Atlanta's Reimagined Hotel Clermont Doesn't Downplay Its Past

Where staycations are commonplace and basement tomfoolery is celebrated.

Hotel Clermont Rooftop
Photo: Asher Moss

The red radio tower on Ponce de Leon Avenue has always been a point of intrigue in Atlanta. The floors beneath have housed everything from 1920s apartments to modern day celebrities. The basement is the origin of some of the city's seediest stories–a quirky point of civic pride. Word of resident ghosts even spread while the building's top floors were shut down. But ask any Poncey-Highland regular over the past decade, and you'll hear the same story: The entire neighborhood daydreamed of the shuttered Clermont Hotel's potential.

That was the draw for Chef Jeb Aldrich of Hotel Clermont's signature restaurant Tiny Lou's in the early stages of the landmark's revival. "I walked by this building for years. Everyone around here knows the marquee. In a city with a reputation of tearing things down and building again, I was ready to be a part of something that was both old and new."

Step through the still-marquee-flanked front doors of the reinvented space today, and you're greeted by just that. With bright, modern prints and an eclectic collection of furnishings, Hotel Clermont's age is elusive. Art deco mingles with wicker, palms, and florals to create a lobby full of period fluidity that's anything but forced–though it's definitely on purpose.

Hotel Clermont
Asher Moss

The property set out to embody the neighborhood's past and future during its two-year restoration. It's at the apex of city development, with the BeltLine and Ponce City Market in its backyard, but the building is rooted a century of history. When it reopened its doors in 2018, Hotel Clermont playfully married the two in a way you can't quite put your finger on.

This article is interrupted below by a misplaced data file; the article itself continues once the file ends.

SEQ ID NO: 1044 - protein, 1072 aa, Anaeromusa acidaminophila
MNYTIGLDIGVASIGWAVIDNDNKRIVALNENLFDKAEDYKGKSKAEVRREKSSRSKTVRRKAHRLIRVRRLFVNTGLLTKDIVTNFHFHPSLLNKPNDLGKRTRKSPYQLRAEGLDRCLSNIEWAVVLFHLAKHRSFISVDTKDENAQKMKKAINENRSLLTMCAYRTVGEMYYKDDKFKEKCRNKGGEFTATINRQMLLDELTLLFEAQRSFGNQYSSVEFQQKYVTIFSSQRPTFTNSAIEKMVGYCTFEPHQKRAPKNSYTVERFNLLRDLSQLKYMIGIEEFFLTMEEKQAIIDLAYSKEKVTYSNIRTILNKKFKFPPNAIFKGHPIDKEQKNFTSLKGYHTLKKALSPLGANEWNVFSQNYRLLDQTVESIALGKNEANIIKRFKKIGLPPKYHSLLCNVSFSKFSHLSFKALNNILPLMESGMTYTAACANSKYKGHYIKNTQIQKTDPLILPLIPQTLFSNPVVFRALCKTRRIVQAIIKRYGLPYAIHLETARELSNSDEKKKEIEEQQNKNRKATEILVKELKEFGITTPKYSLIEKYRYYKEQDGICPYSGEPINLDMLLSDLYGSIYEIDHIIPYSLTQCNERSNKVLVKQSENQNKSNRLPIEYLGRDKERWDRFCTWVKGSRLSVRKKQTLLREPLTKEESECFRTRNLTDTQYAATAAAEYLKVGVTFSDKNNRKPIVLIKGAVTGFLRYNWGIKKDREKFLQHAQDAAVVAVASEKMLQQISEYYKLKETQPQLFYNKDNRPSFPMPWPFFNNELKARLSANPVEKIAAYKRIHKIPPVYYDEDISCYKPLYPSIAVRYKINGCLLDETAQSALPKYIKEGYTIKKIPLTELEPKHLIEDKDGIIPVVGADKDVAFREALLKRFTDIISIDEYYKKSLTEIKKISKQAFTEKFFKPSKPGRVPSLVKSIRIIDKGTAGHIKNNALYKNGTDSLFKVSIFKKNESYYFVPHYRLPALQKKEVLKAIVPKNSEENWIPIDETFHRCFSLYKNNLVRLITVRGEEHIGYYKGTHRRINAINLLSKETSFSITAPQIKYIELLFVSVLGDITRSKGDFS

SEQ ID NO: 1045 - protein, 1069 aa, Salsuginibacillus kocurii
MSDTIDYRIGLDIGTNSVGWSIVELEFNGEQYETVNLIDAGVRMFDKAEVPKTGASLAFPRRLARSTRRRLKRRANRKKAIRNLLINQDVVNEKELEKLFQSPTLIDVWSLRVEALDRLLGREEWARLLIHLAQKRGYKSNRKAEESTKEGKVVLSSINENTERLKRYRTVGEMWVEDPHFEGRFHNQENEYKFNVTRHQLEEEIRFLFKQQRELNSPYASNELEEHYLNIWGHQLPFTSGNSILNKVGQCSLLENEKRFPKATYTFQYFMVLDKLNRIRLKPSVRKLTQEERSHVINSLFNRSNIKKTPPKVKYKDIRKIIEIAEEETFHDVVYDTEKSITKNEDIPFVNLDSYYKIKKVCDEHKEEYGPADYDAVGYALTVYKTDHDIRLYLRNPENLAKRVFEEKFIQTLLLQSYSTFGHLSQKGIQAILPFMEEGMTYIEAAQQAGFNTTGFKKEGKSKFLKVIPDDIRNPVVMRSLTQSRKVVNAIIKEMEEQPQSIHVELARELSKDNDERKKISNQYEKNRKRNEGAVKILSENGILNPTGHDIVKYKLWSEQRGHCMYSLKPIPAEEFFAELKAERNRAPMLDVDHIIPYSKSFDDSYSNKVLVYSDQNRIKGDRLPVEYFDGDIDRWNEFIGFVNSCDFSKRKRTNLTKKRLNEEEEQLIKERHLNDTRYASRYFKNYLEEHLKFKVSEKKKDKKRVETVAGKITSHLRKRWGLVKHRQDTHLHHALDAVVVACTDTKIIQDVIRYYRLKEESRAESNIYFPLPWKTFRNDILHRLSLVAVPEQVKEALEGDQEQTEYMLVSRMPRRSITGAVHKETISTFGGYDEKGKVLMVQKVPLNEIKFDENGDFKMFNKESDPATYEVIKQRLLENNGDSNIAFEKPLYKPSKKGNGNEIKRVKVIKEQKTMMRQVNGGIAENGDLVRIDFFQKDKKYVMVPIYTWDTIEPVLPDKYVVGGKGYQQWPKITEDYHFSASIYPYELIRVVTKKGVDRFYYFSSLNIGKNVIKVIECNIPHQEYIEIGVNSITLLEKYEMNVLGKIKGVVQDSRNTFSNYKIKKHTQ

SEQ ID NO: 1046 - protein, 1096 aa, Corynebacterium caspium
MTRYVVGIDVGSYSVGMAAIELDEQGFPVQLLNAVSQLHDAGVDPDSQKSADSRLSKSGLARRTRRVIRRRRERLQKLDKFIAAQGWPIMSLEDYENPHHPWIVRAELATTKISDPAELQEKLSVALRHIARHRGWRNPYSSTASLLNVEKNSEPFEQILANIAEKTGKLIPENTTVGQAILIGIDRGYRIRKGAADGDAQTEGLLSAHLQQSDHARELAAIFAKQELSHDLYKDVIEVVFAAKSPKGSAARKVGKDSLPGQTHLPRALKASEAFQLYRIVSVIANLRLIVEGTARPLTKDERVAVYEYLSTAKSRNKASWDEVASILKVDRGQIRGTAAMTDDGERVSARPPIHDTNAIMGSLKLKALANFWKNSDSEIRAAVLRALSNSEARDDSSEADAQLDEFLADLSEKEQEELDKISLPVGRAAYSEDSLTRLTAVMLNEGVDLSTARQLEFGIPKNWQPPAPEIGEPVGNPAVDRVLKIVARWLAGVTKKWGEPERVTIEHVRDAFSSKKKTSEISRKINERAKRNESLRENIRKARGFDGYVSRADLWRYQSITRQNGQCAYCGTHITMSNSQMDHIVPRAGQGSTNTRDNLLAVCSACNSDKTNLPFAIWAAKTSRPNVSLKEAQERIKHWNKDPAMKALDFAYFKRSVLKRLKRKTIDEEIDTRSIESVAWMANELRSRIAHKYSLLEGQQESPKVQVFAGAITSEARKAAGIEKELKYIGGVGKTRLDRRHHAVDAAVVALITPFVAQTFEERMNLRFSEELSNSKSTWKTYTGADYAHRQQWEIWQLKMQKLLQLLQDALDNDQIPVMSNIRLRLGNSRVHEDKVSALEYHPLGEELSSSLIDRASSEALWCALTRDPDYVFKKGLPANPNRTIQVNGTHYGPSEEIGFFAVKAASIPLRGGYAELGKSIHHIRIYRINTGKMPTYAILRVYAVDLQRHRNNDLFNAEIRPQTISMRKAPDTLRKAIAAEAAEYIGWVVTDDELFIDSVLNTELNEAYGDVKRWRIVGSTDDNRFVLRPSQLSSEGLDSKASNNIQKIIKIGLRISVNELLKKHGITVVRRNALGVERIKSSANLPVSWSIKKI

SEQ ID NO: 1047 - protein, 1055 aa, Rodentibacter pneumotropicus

"Nothing's meant to be obvious to everyone or appeal to everybody," said Alan Rae, the hotel's general manager. "It's subtle little details that appeal to different people and offer an a la carte experience."

Trendy touches, like local IPAs at check in, a bunkbed room, or pink safes decorated with Outcast lyrics, entice younger travelers and bachelorette parties. Hints of timelessness, like clawfoot bathtubs or floral electric sockets, offer a more elegant experience. Tie it all together with Georgia peach wallpaper and a destination rooftop bar, and it's obvious why the hotel is a melting pot for visitors and locals alike.

But perhaps the best amenity is down the lobby's neon-lit staircase. A tasteful tribute to the location's burlesque past, Tiny Lou's is a hotel eatery that's actually teeming with Atlanta residents. Named after a 1950s dancer in the long-shuttered Gypsy Room, the restaurant serves a salute to French-American fare in the comfort of curvy pink booths.

Tiny Lou's Atlanta
Asher Moss

Here, light details, like dancing Lou illustrations hiding under plated portions, flirt with moody design while a classical French kitchen melds with modern cooking in the back; the result is a cozy space churning out seriously good food. Diners opt for the foie gras more often than not, but other brasserie staples, like steak frites and a rich duck consommé, delight as well. Cap it off with pastry chef Claudia Martinez's brown butter blondie (amusingly dubbed the Ode to Blondie, a well-known dancer in the property's underbelly) for the classic experience.

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Like Poncey-Highland itself, Hotel Clermont continues to evolve. No visit is alike, and the allure is still alive two years post reopening. Whether you come for a staycation, rooftop sip, or weekend getaway, the building's layers of history and avant-garde authenticity will put you at ease while keeping you on edge time after time.

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